Tim Judah

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Tim Judah at LSE, December 2015

Tim Judah is a reporter and political analyst for The Economist, and has written several books, mainly focussing on Serbia and Kosovo.


A graduate of the London School of Economics and of the Fletcher School of Law and Diplomacy at Tufts University, he worked for the BBC[1] before becoming the Balkans correspondent for The Times and The Economist. During the Kosovo war he broadcast widely and wrote for the New York Review of Books,[2] The Observer, The Sunday Telegraph and The Guardian Weekend magazine.

Judah has reported from numerous places, for a wide variety of newspapers, and other outlets. Apart from the Balkans, Judah has reported from countries including El Salvador, Iraq, Afghanistan and Uganda. In 2009, Judah was a Senior Visiting Fellow at the European Institute of the London School of Economics. Recently, Judah has also written highly praised articles relating to the War in Donbass.

Judah is married to writer and publisher Rosie Whitehouse and has five children, one of whom is the journalist Ben Judah.

The Serbs: History, Myth and the Destruction of Yugoslavia (1997)[edit]

Judah is the author of the prizewinning The Serbs: History, Myth and the Destruction of Yugoslavia (1997) published by Yale University Press.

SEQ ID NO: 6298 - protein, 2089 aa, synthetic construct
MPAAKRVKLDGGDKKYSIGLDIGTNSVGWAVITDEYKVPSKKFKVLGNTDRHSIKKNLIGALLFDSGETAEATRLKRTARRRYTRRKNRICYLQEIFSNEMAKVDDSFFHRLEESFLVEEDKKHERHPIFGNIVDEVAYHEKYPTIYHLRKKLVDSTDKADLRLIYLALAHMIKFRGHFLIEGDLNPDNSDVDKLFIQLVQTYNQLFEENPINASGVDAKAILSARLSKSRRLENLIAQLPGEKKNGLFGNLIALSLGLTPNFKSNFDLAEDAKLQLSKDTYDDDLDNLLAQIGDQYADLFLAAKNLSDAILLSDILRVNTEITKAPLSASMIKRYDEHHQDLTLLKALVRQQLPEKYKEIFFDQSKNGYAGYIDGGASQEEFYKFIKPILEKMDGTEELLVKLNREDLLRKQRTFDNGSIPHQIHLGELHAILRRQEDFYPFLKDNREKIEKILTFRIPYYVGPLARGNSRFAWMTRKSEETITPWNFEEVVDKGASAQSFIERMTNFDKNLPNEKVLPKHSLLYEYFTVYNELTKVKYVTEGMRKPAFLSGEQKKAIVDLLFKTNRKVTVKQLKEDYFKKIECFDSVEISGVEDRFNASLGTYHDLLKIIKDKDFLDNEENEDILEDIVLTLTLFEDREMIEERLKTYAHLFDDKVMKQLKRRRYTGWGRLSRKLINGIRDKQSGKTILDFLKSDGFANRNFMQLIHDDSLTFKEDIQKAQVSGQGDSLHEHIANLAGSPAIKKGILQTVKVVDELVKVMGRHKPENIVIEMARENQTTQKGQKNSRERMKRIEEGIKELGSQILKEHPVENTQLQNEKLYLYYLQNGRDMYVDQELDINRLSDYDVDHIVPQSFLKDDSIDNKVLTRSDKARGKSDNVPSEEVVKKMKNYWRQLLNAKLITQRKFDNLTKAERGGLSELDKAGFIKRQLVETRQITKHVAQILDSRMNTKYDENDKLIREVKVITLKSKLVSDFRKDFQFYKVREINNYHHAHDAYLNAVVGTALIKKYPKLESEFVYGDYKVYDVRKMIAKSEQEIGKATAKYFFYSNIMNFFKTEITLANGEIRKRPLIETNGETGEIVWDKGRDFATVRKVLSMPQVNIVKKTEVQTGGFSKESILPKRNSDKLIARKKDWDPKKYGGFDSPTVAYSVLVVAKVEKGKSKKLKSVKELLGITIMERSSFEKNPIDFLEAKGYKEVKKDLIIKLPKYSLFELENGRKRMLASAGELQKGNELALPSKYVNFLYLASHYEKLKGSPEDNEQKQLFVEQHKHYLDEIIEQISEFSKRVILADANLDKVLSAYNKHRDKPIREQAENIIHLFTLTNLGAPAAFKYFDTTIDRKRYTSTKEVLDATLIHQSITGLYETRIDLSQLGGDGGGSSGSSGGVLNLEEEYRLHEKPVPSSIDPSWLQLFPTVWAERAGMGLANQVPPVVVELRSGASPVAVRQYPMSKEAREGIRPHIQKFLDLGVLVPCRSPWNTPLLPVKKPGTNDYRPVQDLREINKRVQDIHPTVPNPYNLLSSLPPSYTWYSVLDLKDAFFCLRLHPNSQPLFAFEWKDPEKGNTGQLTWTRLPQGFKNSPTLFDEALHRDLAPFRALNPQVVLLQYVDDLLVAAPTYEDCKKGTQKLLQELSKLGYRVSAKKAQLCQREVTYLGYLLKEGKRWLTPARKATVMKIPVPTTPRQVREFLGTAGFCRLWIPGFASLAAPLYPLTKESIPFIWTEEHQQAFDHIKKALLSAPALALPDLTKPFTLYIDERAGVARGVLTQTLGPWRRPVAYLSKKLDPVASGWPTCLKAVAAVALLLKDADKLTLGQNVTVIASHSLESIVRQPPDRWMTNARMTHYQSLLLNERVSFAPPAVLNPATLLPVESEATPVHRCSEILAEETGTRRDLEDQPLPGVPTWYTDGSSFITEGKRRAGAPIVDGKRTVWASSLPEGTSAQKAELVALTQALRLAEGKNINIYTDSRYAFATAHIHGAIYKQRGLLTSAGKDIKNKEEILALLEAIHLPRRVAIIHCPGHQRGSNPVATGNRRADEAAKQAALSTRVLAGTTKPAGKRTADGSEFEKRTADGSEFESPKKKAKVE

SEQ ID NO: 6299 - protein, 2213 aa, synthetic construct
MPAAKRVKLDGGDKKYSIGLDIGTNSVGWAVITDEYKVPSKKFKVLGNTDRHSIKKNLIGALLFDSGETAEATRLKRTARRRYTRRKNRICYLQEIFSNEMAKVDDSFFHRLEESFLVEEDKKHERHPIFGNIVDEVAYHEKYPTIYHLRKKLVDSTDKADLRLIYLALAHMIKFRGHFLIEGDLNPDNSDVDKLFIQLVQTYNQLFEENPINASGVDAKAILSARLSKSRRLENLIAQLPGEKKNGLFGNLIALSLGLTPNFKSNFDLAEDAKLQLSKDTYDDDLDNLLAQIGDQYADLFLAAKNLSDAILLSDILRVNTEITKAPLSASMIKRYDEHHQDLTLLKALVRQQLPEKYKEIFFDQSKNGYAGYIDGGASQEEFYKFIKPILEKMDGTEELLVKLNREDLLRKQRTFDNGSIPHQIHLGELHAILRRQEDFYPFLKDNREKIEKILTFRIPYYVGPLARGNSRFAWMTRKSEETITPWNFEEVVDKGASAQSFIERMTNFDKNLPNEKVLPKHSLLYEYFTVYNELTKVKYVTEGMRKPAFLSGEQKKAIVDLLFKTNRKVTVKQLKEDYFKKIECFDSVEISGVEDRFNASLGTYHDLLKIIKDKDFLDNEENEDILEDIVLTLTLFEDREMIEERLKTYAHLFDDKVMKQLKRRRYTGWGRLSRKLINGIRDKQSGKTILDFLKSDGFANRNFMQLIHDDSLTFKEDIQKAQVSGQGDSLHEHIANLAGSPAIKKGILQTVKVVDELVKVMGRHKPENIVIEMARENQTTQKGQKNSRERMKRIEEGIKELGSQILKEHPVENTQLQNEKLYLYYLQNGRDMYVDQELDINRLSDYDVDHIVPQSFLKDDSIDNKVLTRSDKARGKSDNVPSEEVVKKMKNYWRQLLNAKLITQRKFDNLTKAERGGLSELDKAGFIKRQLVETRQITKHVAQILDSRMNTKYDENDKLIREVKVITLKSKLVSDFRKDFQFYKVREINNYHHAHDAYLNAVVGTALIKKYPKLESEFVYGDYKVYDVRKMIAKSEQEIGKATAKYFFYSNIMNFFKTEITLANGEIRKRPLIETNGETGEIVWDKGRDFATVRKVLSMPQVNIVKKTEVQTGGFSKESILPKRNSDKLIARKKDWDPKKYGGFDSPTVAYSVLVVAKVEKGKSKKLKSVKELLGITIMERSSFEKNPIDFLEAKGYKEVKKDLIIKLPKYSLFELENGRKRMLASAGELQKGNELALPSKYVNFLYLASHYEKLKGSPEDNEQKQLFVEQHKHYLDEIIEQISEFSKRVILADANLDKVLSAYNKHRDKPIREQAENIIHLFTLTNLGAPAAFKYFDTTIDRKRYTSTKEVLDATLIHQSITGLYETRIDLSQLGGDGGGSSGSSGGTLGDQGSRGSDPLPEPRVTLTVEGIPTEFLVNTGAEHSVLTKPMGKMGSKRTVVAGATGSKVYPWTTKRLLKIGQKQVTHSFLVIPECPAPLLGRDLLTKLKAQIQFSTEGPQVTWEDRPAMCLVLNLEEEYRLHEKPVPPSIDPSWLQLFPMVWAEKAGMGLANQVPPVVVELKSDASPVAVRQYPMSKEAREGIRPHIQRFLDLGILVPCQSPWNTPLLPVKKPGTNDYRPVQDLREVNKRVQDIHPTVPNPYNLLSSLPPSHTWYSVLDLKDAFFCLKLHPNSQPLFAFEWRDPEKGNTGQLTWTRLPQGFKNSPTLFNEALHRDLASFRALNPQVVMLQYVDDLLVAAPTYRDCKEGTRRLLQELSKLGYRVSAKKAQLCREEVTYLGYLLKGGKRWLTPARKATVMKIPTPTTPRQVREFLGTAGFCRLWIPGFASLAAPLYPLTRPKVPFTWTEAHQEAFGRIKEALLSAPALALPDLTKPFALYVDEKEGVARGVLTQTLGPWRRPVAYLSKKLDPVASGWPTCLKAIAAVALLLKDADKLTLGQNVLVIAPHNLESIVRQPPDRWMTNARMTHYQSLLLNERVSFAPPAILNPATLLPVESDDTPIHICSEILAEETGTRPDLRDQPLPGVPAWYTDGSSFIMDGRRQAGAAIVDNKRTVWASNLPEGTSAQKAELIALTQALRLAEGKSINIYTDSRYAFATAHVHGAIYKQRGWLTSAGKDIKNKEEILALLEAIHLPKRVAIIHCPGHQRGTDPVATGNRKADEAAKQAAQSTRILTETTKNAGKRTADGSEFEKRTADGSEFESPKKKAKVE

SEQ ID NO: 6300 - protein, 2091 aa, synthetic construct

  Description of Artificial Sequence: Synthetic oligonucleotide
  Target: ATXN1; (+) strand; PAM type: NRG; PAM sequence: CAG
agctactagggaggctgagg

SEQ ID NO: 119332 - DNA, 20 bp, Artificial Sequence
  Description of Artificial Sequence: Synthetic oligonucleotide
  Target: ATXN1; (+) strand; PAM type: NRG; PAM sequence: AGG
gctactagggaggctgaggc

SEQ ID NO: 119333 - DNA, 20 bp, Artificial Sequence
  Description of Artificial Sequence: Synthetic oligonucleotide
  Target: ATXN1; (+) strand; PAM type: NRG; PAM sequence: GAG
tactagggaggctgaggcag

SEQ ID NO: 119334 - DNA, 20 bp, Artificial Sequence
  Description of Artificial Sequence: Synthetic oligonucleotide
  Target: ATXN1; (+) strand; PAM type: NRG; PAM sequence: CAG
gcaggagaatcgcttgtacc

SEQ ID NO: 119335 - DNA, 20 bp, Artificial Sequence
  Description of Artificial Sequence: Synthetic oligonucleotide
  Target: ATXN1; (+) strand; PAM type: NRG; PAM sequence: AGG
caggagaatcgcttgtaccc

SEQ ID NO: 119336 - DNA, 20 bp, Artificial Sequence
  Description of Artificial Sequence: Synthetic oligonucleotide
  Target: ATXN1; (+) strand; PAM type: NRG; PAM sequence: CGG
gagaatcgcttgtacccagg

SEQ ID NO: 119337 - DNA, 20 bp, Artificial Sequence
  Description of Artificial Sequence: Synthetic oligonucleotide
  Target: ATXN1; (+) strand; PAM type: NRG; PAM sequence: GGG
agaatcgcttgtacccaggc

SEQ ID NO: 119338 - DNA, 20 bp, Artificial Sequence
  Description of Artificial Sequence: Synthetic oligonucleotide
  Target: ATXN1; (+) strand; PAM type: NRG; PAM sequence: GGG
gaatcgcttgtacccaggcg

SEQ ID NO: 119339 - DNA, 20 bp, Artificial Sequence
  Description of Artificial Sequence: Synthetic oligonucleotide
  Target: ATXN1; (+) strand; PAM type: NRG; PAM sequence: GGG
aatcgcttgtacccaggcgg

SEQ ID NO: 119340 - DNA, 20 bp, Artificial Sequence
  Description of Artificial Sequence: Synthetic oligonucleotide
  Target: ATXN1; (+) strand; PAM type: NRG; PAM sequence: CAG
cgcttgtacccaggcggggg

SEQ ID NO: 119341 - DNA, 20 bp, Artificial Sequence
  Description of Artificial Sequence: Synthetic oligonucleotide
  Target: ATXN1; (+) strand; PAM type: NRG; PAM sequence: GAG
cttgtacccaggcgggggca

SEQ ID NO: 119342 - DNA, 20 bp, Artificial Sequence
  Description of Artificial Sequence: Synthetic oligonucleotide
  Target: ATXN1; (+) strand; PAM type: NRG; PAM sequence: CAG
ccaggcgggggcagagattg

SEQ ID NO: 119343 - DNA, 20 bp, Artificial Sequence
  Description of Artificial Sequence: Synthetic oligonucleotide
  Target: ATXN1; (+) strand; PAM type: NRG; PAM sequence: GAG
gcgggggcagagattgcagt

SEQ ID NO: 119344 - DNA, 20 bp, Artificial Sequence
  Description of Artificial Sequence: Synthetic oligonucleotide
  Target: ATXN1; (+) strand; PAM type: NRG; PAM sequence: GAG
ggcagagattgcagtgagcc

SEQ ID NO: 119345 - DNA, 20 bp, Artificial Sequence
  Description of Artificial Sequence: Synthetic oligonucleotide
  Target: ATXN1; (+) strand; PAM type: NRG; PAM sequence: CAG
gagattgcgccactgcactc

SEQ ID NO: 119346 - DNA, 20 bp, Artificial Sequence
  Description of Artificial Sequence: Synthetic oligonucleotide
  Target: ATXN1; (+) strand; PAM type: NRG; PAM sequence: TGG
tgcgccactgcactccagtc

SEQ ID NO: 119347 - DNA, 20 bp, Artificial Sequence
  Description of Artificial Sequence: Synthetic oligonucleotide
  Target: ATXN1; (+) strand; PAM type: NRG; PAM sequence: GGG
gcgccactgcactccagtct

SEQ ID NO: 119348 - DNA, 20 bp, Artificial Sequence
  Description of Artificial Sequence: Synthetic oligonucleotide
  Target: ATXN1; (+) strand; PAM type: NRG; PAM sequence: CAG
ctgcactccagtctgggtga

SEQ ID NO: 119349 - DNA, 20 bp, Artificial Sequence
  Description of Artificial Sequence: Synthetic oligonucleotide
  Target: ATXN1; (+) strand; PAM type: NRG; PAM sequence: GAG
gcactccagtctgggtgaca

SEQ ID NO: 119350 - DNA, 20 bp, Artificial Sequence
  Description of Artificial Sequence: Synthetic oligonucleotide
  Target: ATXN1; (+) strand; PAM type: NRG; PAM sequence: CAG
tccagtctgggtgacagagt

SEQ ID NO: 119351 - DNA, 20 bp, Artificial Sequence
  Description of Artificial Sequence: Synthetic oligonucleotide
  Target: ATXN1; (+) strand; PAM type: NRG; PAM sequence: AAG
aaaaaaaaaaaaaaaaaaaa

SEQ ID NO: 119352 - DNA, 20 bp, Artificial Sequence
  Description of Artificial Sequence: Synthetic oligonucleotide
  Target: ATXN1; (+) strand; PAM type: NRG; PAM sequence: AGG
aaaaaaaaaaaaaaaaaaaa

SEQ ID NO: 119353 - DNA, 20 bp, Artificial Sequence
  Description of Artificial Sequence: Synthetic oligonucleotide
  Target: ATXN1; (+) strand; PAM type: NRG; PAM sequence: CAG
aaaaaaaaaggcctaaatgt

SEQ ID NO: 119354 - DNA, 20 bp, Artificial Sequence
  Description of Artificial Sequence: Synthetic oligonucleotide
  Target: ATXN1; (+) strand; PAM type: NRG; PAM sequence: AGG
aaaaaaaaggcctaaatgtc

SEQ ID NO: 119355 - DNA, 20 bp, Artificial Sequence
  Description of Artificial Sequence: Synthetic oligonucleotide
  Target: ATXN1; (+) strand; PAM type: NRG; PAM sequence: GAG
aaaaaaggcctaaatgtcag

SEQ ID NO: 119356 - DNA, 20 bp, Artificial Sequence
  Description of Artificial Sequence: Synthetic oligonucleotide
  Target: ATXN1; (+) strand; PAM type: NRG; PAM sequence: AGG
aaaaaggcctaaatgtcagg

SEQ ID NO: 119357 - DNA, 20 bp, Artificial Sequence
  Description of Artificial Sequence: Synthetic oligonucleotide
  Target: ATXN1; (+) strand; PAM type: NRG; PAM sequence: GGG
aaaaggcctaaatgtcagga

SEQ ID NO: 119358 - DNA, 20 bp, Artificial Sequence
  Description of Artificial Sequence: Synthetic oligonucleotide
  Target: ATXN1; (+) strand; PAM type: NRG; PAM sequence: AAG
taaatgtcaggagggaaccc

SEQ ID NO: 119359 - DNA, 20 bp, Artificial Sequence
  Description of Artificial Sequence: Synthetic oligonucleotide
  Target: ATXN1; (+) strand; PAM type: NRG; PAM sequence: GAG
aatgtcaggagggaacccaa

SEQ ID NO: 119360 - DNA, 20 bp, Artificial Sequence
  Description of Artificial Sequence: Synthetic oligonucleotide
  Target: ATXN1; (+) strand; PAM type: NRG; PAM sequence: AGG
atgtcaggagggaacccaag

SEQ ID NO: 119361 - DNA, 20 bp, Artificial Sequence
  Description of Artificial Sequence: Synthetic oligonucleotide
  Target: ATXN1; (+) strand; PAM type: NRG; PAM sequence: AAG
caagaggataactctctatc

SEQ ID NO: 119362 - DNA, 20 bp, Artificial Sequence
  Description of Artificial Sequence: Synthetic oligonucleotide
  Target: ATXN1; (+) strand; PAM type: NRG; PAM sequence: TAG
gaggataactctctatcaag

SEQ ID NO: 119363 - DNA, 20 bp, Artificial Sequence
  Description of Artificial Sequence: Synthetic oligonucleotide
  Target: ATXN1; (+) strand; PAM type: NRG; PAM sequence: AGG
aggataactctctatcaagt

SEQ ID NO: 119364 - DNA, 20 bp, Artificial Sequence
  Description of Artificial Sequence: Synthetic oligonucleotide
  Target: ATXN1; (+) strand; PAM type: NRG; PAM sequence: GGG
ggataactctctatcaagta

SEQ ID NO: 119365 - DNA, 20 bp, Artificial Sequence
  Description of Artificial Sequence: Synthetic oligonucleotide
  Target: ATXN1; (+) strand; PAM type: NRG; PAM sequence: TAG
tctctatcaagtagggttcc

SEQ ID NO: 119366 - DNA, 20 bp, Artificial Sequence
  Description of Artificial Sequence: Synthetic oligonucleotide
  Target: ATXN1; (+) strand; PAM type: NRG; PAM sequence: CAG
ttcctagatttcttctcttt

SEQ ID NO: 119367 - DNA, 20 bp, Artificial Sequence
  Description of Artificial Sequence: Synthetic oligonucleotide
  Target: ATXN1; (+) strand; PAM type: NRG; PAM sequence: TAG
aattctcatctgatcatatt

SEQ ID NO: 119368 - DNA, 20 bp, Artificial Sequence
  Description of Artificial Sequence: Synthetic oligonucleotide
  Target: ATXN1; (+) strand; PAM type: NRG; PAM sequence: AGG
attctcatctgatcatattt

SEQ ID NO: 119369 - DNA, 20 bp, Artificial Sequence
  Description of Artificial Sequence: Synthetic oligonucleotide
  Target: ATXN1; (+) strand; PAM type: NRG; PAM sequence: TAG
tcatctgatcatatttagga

Serbian-American poet Charles Simić has criticized Tim Judah for ethnic bias in his book The Serbs, regarding the situation of the Serbs in Croatia and their opposition to Croatia's newly formed government. Simić noted that "the new Croatian Constitution demoted 600,000 of Croatia’s Serbs to minority status by making the new country the ‘national state of the Croatian people’", as well as that "the streets and schools named after the heroes of the Anti-Fascist resistance had been renamed after the [Ustaše] Fascists responsible for the mass killings of Serbs in World War Two".[3]



  1. ^ BBC NEWS | Programmes | Crossing Continents | Tim Judah: Biography
  2. ^ Tim Judah - The New York Review of Books
  3. ^ Simic, Charles (31 July 1997). "Unfashionable Victims". London Review of Books. Archived from the original on 15 November 2014. Retrieved 21 January 2015. 


External links[edit]